Vanessa Bryant covers PEOPLE Magazine’s Women Changing the World. She talks about coping with the unimaginable loss of her late husband, Kobe Bryant, and their 13-year-old daughter Gianna Bryant. Not only has Vanessa had to grieve publicly, but Kobe’s superstar status means she has had to accept that a lot of the world is grieving with her, a totally different process. Some of the most touching parts of her interview included:
"It really takes a village, that includes 'aunties' and 'uncles' that have stepped in to be there for us and get us through holidays, special milestones, and birthdays. ... They've shown their love and support through this horrible year and I don't know how I could've managed without them."
"I can't say that I'm strong every day, I can't say that there aren't days when I feel like I can't survive to the next."
Her strength, obviously, is for daughters Natalia, Bianka, and Capri. In the past year, Vanessa has opened up mostly on Instagram, sharing happy moments with her daughters with family and friends, as well as posts remembering Kobe and Gianna.
This has been unusual for myriad reasons. Vanessa is grieving two people, her husband and her child. And Kobe’s celebrity status must make everything either a thousand times worse (due to the scrutiny) or better- she speaks in the interview about the powerful effect that people’s positive thoughts and prayers have had on her and her family. But we don’t talk about grief enough, and it’s a universal and unavoidable reality. It can often feel like it won’t end, and relationships are so complicated, there is no road map. Even when people die of natural causes, the loss can still be monumental. I don’t even know if we give elders the space to talk openly about the end of their life and any type of isolation they may experience. Regardless of age, loneliness is definitely a by-product of death and mourning, and it’s refreshing to see Vanessa speak openly about how she feels in the present, and about who has been by her side supporting her while she rebuilds her life.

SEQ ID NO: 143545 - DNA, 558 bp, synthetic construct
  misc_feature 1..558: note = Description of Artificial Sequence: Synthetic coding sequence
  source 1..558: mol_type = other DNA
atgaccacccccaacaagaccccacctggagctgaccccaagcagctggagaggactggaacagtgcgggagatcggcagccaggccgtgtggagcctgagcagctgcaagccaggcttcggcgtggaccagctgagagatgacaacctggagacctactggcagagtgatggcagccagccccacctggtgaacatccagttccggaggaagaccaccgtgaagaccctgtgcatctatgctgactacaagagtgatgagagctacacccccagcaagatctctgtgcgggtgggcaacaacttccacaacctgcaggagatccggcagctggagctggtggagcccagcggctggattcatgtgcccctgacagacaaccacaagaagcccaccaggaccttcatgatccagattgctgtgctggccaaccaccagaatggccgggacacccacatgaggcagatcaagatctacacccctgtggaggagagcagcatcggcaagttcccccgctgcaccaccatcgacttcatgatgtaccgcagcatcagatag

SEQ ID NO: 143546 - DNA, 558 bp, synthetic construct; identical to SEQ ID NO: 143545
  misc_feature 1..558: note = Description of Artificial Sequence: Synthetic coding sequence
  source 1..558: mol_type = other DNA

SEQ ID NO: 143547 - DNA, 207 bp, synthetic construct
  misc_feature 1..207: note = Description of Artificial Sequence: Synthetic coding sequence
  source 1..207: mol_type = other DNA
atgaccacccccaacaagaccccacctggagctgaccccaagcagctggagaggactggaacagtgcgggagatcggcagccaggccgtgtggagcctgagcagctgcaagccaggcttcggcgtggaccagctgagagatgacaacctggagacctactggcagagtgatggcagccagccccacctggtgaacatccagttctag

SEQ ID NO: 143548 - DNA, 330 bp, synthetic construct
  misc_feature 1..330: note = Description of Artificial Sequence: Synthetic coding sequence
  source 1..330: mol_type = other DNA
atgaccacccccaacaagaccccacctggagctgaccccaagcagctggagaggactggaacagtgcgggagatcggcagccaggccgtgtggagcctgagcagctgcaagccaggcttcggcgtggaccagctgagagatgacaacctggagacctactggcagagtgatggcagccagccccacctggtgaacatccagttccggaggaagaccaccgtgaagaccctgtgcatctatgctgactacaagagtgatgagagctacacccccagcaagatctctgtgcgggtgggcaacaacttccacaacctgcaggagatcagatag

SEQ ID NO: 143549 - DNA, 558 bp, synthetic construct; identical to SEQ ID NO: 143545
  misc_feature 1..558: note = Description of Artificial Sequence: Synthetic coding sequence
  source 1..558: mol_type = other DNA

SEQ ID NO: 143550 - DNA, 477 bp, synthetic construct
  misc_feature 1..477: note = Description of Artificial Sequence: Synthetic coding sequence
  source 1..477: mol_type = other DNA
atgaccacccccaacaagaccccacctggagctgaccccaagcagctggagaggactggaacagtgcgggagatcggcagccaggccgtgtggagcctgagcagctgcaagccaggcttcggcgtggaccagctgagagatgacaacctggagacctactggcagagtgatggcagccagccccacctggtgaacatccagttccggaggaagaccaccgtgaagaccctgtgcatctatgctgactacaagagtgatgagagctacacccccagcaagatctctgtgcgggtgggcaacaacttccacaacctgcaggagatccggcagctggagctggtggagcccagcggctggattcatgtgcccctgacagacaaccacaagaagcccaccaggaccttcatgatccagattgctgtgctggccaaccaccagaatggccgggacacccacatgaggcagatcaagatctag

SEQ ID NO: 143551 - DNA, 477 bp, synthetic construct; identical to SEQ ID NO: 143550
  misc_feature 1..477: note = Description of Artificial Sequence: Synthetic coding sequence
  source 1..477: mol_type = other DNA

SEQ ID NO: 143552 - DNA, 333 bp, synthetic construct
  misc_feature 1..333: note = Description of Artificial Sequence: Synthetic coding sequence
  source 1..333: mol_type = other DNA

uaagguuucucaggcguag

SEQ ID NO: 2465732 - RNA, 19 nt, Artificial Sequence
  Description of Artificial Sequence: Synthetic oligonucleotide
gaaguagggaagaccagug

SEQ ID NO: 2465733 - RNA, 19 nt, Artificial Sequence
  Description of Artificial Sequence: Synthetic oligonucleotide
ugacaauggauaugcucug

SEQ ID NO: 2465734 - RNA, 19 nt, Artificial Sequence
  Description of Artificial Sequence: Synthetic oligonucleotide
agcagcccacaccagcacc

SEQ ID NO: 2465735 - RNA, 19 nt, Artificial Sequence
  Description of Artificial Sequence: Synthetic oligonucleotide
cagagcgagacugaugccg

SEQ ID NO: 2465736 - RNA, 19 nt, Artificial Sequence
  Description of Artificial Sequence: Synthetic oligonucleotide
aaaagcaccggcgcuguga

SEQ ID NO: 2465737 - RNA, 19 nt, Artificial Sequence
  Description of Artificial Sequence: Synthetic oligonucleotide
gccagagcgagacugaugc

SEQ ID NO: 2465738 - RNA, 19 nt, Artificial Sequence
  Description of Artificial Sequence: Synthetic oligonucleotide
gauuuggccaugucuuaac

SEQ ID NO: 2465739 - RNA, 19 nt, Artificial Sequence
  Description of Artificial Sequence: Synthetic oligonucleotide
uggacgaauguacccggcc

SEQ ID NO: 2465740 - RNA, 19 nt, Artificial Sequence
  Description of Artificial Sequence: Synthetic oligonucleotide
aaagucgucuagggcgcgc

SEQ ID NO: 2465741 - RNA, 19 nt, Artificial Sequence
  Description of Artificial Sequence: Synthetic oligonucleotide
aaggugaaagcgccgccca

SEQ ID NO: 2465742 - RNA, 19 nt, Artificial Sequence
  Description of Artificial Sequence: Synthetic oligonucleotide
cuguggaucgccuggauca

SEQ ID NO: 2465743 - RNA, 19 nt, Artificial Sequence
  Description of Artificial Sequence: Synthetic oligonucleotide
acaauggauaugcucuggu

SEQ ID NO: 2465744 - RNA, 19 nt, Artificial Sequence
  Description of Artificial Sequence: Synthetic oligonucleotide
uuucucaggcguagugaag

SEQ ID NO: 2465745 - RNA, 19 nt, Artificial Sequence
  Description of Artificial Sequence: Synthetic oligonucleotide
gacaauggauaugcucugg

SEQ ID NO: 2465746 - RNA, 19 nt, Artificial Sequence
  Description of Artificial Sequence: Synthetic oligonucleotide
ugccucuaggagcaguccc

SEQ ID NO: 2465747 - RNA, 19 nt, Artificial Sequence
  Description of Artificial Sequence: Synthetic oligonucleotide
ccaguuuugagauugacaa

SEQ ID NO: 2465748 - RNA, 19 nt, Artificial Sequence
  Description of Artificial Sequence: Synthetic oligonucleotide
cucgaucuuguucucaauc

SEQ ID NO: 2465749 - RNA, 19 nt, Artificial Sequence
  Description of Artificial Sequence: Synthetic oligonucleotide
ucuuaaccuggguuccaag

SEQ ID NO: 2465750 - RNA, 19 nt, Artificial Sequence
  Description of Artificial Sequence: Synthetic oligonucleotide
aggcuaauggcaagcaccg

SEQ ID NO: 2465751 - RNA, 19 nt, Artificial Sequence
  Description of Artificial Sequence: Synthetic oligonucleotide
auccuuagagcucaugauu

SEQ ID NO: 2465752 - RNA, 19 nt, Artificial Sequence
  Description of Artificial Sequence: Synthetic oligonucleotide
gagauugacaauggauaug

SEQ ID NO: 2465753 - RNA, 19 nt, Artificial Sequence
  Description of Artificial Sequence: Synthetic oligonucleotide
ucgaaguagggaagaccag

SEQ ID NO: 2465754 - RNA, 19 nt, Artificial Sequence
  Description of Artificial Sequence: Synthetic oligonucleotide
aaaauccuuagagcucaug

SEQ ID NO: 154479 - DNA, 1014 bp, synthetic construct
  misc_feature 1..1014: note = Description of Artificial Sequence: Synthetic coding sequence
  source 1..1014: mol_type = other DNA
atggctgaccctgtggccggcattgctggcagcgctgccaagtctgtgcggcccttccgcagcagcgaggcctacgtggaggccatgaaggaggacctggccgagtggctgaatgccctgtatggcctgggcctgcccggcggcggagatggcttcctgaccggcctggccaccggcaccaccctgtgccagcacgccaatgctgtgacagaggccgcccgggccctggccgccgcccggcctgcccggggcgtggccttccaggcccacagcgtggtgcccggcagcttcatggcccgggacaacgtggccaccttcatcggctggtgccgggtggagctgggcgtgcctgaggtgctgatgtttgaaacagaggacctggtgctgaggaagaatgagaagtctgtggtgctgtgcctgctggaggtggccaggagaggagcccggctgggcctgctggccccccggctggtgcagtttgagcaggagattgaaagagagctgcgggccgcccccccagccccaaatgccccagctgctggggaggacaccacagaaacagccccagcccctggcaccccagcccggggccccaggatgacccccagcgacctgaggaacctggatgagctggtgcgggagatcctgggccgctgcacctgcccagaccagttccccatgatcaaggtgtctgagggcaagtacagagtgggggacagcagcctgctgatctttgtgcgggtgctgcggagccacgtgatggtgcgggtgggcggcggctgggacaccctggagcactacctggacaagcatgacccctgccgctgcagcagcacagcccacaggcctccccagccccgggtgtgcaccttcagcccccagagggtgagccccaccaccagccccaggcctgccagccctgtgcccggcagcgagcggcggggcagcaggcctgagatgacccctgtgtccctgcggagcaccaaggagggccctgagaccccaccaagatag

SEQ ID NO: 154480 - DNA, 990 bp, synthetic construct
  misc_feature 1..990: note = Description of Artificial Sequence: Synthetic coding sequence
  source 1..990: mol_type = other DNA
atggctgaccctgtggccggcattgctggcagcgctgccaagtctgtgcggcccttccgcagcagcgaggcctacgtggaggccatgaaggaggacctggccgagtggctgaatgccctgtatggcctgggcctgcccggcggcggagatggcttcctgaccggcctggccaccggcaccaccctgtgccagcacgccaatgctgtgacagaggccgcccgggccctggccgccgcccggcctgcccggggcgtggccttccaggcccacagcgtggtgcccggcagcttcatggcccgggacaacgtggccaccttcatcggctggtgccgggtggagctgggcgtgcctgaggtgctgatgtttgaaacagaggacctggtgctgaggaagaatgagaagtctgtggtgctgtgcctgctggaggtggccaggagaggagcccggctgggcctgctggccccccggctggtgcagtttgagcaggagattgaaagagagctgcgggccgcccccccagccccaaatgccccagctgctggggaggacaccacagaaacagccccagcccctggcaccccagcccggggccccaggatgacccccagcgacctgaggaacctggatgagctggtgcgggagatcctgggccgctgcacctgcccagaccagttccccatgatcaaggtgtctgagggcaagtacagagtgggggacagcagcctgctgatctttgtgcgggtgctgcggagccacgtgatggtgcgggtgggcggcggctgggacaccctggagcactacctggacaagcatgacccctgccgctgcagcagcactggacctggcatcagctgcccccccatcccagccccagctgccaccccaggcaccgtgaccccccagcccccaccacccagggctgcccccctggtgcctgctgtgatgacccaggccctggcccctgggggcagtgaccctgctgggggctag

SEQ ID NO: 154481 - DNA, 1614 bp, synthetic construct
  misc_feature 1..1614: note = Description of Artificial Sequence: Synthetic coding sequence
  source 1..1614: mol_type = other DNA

What has struck me is how the tragedy may have changed Vanessa so much, and if so, definitely more than I can pick up on. Grief is so complex, and changes anyone but I can’t imagine doing it in the public eye – and any time I’ve lost someone in my life, it’s been expected. Kobe’s magnitude is one thing, but Vanessa’s notoriously private nature is another. While their relationship was constantly on front street in the media, that was more due to scandals and Kobe’s fame, not Vanessa’s desire to be famous. In fact, she was often seen as a rebellious basketball wife in that she didn’t court a public profile the way we’ve seen with Ayesha Curry or Jackie Christie. Vanessa has always been different, and a lot of people didn’t like it. I remember reading a 2012 profile on her and other wives of NBA players in The Cut and it was clear Vanessa didn’t care much for what people thought. It was hilarious and amazing. She understood that the life Kobe provided came with a lot of perks, but she wasn’t one to mince words the rare times she spoke. A gem I remember her saying is, “If you’re sacrificing time away from my family and myself for the benefit of winning championships, then winning a championship should happen every single year.” Winning meant a whole lot to this family.
And what a champion Kobe Bryant was. His second act after his epic basketball career included so much creativity and art, and affection for his family. At 41, he spoke openly about how he was looking forward to a less hectic life with his family doing things he was passionate about.
While that is a part of his legacy, it clearly is also a part of his private legacy in their marriage. Vanessa is now running his charity, and according to the PEOPLE profile, “She took charge of creative projects left unfinished at Granity Studios, the late star's multi-media company she now helms. Recently, Vanessa relaunched Kobe's charitable non-profit as Mamba & Mambacita Sports Foundation, a nod to the father-daughter duo, to help empower young girls and provide equal opportunities to underserved athletes — a vision Kobe long championed.
Everything hasn’t been all support and love though. Recently, she had to check Meek Mill for a really tasteless Kobe line in a song, and as usual, Meek didn’t take the critique well. My opinion is that no one is really right after Nicki Minaj leaves them, but I digress. Vanessa has also had to deal with lawsuits involving people taking pictures of the bodies at the scene of the helicopter accident. There was also the inhumane way that news outlets reported the crash initially, which made loved ones have to find out about it online. TMZ is notorious for their lack of humanity, but it seemed particularity cruel in this case.
It’s so nice to see Vanessa reclaiming the new life she has, and letting us in to see. Head to PEOPLE to see the feature on Vanessa Bryant.